According to Bruce Ashton, a partner in the Los Angeles law firm of Reish, Luftman, Reicher & Cohen specializing in employee benefits, this means that the CEO who gives his 401(k) business to his golf buddy without conducting proper due diligence could be accused of violating the prudent process rule, resulting in fiduciary liability.

A conflict of interest in determining which investments to offer participants represents another violation subject to fiduciary liability.

"Typically, a broker receives higher commissions on the funds his firm wants to sell," says CPA Mark Murphy, a benefits compliance specialist at Lesley, Thomas, Schwarz & Postma in Newport Beach. "Therefore this advice may not be in the sole interest of the plan participants and beneficiaries, but in the sole interest of the broker and the investment firm."


In fact, since the SEC began a revenue-sharing probe in April 2003, it has found 14 brokerage firms that took cash from mutual fund investment advisers and 10 funds accepted payments in the form of brokerage commissions on fund trades.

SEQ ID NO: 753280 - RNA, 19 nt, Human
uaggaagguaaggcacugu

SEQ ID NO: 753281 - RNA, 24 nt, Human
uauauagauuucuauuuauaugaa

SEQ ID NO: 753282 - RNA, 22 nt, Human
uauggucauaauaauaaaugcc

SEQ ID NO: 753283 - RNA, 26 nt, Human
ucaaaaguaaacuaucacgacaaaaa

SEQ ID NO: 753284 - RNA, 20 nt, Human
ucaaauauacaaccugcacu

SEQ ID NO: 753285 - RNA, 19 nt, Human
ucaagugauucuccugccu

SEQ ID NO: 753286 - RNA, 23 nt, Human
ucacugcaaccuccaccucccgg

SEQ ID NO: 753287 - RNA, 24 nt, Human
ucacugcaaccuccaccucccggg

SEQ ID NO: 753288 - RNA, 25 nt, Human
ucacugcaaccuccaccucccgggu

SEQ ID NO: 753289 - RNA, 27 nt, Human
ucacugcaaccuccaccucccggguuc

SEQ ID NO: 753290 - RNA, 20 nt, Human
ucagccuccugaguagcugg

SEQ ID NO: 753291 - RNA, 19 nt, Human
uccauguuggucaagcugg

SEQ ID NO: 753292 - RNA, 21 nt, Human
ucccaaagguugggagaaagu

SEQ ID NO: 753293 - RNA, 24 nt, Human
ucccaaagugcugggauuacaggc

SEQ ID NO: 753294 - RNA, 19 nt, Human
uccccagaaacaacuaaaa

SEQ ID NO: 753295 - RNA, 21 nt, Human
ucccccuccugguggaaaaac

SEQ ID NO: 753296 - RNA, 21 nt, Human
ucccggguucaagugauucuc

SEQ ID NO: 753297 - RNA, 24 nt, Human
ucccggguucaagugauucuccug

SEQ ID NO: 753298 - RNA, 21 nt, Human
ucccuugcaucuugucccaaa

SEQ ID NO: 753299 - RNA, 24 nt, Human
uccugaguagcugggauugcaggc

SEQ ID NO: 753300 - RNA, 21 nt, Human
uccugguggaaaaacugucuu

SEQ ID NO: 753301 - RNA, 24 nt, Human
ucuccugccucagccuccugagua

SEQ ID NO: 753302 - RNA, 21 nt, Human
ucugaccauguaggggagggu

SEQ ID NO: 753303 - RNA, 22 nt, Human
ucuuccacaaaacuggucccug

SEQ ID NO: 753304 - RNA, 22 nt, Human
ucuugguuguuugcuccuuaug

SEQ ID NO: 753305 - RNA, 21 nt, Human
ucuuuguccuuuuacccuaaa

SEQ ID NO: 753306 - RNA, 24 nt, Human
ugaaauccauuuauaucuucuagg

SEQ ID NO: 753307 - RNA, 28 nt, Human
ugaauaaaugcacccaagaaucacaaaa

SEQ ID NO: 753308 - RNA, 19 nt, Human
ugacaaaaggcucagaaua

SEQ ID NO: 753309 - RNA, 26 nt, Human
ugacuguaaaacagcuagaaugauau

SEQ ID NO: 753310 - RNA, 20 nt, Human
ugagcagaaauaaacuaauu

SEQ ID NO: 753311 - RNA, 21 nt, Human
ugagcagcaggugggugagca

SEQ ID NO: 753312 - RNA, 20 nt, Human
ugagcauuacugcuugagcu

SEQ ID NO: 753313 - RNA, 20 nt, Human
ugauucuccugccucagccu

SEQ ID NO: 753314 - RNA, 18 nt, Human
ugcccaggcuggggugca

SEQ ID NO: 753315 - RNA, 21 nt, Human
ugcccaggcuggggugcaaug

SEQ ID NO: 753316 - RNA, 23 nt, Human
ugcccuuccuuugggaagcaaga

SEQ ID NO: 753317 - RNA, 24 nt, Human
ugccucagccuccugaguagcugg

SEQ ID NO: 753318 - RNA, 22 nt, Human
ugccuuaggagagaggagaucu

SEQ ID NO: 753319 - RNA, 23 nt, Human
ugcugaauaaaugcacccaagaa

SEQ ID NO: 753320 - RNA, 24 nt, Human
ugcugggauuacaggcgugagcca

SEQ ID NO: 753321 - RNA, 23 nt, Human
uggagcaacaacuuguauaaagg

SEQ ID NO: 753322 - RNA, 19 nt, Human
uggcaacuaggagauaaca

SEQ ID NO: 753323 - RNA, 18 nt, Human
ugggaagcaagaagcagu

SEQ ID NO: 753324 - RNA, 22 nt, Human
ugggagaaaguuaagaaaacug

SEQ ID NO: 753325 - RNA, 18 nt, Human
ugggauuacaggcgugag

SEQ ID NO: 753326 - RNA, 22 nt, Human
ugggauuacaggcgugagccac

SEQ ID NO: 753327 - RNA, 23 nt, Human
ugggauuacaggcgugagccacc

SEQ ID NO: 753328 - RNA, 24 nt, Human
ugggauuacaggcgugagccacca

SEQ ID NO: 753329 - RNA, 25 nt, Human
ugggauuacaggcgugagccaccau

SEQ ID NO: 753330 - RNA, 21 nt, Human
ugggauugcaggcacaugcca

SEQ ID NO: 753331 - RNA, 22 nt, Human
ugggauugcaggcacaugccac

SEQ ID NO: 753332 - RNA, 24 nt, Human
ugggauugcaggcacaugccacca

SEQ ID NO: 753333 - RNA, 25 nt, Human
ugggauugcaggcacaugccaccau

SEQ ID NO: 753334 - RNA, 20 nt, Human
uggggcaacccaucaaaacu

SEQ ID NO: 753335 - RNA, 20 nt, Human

"In return for these payments, 13 of the 15 firms appear to have favored the sale of the revenue-sharing funds by providing increased access and visibility in the broker-dealer's sales networks," the SEC said in a statement.

Implementing a prudent process should help uncover these conflicts and determine how commissions and fees are being distributed.


Plan fiduciaries must understand the fee structure of the plan and demand full disclosure of compensation received directly or indirectly by service providers.

For the most part, expenses are disclosed in the prospectus, but they are not always easy to understand. Without expert assistance, plan sponsors may not realize how much gross investment returns are being diminished by expenses.

If the mutual funds are offered through an insurance company group annuity contract, there is often an additional layer of asset-based fees, which can add an additional 1 percent or more to total fees.

Fiduciaries must closely examine plan fees on behalf of plan participants and make sure fees are not unreasonable relative to the value of services provided.

Plan sponsors may think that they are paying little or no fees for services provided, when in fact substantial fees are being paid to service providers.

Mutual fund companies use various names to share fees with other service providers, such as 12b-1s, shareholder service fees, sub-transfer agency fees, etc.